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Disputing A Will: What Is Involved?

When a loved one dies, no one wants to think about a protracted legal battle. However, if you discover that your loved one’s will is substantially different from what you expected, you might have grounds to challenge it legally.

Why Contest a Will?
There ara number of reasons why you might want to contest a will. if you have reason to believe that the will was written and or signed under duress or coercion then it can be invalidated completely. There is a time limit on filing these claims and they have to be filed within six months of the will being executed. Unfortunately, this period often overlaps with the period of grieving for your relative.

It’s unlikely that you will find the idea of fighting a legal battle while also grieving appealing, but if you want to contest a will then it is inevitable that this is what you will have to do. It can be a great shock to discover that your loved one’s will has been changed or isn’t what you expected from your conversations with them. But if you think that there are grounds for contesting it then it is important to do this as soon as possible.

Who Can Challenge a Will?
As per The Inheritance Act, which details who can and cannot contest a will, only certain people are in a position to legally challenge a will. While anyone who has reason to believe that a will is invalid can challenge the validity of the will, only certain individuals can challenge the way in which the deceased’s assets and estate are split up.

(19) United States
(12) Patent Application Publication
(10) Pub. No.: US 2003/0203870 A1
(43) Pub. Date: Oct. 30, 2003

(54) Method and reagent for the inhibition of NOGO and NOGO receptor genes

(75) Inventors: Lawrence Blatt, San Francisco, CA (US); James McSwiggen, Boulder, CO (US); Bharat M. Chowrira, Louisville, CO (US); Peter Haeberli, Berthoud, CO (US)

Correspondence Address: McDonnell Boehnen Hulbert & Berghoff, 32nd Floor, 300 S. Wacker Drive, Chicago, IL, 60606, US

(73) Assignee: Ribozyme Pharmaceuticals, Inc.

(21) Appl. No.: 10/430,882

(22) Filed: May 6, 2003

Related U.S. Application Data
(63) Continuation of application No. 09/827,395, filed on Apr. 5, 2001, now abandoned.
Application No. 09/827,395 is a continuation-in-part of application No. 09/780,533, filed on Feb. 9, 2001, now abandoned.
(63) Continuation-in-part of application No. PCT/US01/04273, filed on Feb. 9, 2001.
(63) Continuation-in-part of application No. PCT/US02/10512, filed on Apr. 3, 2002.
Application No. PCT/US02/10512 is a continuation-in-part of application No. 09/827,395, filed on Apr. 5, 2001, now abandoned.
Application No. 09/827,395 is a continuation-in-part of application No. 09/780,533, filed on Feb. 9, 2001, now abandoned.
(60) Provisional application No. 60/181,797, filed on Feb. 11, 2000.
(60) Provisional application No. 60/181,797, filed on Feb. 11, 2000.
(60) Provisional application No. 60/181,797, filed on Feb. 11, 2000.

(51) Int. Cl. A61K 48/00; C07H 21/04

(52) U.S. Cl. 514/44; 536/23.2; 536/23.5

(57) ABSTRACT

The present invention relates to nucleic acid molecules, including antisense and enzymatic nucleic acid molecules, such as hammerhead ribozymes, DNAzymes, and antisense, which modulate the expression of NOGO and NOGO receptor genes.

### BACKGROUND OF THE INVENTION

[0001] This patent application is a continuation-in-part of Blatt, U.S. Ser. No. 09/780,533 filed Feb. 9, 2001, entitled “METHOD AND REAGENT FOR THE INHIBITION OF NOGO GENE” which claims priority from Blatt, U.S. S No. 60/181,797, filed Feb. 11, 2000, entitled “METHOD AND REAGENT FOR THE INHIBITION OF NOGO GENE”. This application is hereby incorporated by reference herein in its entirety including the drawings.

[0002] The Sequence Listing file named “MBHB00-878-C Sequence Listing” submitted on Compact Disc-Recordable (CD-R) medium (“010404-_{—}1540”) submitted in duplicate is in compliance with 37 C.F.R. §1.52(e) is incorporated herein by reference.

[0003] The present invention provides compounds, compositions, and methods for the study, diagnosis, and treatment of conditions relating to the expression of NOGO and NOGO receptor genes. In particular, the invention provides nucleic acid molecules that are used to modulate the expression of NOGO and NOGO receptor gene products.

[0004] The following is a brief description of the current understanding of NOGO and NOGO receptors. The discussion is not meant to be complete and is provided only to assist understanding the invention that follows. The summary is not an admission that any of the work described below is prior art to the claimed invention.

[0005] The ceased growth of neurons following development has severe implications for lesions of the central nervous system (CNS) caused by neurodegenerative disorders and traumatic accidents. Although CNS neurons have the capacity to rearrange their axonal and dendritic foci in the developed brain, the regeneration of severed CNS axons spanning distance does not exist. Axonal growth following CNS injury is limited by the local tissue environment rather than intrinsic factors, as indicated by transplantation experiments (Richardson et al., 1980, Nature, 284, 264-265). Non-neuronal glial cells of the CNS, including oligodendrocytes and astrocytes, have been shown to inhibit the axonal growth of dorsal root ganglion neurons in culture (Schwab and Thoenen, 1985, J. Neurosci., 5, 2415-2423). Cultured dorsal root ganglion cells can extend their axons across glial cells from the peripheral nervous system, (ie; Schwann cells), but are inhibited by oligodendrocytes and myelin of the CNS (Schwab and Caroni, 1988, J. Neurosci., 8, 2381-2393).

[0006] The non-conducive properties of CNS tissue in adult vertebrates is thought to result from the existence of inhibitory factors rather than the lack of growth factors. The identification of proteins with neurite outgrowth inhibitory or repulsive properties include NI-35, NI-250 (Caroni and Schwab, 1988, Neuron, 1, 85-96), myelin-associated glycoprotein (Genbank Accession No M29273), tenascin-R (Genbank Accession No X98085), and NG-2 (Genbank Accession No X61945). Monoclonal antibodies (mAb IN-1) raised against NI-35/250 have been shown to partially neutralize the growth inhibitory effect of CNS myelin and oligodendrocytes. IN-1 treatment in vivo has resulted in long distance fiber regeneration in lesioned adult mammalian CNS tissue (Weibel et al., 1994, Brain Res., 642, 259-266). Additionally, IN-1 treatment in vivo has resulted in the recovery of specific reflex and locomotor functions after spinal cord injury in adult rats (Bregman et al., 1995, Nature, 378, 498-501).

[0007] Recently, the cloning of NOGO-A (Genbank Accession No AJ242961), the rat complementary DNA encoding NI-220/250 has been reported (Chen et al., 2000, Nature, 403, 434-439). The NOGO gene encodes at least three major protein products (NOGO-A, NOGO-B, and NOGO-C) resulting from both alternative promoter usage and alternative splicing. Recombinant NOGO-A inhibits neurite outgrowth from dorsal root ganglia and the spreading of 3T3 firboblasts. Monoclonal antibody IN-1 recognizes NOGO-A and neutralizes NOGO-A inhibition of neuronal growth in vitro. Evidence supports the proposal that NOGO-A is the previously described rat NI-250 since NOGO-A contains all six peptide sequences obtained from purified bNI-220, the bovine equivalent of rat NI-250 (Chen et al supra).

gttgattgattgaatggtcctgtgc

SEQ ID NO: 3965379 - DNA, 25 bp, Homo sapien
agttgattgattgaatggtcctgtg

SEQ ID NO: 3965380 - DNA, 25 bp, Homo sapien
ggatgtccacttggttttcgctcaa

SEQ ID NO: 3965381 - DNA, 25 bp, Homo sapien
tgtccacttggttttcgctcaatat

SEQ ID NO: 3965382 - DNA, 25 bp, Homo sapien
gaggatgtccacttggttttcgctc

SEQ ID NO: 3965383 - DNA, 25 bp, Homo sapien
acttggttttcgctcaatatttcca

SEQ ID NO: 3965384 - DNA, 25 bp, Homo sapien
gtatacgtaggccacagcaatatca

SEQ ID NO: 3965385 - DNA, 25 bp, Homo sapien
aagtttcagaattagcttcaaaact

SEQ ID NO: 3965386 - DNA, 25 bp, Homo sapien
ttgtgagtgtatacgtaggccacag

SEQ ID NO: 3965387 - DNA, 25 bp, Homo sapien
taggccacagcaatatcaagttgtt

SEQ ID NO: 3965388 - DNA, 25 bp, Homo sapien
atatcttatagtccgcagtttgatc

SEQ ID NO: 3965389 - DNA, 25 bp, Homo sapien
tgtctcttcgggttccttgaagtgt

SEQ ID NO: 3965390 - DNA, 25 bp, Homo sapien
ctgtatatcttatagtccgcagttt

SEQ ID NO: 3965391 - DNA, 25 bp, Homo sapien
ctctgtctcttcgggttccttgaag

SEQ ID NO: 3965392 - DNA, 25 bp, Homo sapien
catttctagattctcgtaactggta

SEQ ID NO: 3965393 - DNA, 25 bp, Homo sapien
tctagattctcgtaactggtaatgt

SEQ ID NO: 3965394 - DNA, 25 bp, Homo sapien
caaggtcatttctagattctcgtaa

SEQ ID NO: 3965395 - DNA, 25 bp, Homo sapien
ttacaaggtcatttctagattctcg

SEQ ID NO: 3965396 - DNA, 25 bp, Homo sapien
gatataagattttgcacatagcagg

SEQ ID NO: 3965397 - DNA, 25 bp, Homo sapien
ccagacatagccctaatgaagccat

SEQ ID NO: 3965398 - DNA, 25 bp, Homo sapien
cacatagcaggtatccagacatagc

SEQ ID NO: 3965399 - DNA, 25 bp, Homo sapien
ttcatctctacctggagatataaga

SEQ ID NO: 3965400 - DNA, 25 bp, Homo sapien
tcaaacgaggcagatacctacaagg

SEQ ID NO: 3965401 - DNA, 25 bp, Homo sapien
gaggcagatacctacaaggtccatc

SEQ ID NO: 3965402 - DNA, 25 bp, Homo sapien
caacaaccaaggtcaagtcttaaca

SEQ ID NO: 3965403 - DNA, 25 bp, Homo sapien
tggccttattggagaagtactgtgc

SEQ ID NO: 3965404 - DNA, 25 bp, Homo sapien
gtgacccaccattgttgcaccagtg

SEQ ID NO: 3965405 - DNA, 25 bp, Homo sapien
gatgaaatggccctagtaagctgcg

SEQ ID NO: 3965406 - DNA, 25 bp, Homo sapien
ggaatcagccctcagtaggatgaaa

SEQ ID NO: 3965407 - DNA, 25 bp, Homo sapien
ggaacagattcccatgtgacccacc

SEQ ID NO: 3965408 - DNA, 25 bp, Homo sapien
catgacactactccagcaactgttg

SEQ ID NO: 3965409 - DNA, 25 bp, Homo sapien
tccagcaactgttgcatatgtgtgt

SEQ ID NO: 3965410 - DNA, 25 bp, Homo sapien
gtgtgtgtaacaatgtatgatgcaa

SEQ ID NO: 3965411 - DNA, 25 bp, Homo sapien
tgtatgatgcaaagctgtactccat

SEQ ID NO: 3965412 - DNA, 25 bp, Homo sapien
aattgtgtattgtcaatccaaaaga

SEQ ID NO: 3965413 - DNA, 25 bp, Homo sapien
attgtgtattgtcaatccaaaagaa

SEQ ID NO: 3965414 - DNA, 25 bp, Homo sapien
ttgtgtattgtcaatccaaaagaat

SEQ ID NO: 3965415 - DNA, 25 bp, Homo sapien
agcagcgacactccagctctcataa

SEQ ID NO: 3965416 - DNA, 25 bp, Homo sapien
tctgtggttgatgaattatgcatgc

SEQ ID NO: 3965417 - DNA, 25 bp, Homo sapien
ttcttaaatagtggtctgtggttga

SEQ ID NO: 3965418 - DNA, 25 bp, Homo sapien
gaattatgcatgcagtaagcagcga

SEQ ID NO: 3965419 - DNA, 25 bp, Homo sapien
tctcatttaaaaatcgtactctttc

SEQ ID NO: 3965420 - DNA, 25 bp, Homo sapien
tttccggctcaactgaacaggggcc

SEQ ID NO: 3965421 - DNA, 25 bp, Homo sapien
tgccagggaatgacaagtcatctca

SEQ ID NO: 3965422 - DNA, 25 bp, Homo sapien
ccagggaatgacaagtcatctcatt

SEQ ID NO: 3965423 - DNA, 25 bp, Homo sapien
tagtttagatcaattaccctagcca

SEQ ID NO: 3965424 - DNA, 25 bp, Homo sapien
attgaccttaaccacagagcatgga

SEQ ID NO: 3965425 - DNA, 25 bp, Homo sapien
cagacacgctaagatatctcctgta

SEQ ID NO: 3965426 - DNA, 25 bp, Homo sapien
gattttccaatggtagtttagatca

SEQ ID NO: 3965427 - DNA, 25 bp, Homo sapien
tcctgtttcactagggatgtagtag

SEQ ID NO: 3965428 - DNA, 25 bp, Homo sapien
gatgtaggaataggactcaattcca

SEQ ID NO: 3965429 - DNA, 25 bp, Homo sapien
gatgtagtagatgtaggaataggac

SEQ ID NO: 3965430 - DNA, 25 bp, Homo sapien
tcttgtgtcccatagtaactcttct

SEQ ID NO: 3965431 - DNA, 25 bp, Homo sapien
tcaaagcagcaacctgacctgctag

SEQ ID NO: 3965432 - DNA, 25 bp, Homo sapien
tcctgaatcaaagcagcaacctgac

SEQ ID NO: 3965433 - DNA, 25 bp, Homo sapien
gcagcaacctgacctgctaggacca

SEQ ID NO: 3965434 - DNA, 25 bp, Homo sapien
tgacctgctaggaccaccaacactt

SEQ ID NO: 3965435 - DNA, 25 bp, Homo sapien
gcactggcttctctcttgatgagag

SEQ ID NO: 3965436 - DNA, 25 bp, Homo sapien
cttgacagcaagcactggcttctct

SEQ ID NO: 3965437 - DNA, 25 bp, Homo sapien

The people with the power to challenge the division of the estate are:
● Direct family members.
● A spouse, even if they are estranged.
● Any beneficiary who was named in the previous version of the will.
● Anyone who was financially dependent on the deceased.
● Any creditor who has acquired the deceased’s debt.
● Anyone who was promised assets by the deceased but is not included in the will.

What are the Grounds for Challenging a Will?
The validity of a will can be challenged on the basis that the deceased was not of sound mind when they signed the will, or that they were otherwise unaware or misled about what they were signing. A will might also be challenged if it was drawn up incorrectly or not signed in the presence of a witness. This is why it is very important to have your will drafted by a specialist and resist the urge to try and compose a DIY will.
If the signature on a will is forged, this can also give you grounds to invalidate it. The testimony of a handwriting expert can be used as evidence to support a claim of forgery.
Finally, if the beneficiaries with a right to the estate are not named in the will or do not believe they have been adequately cared for, this can be grounds for challenging the will’s validity.

If you think that you have grounds for challenging a loved one’s trust, you should contact specialist trust dispute solicitors. They will be able to advise you as to the merits of your claim and how and if you should pursue it.

Remember that time is of the essence when it comes to will and trust disputes - you must file your claim within sixmonths. No one wants to initiate legal proceedings while they are grieving for a loved one, but if you think a will is invalid then this is what you need to do.


  1. This is great information that you don't see very often. Thanks for sharing!


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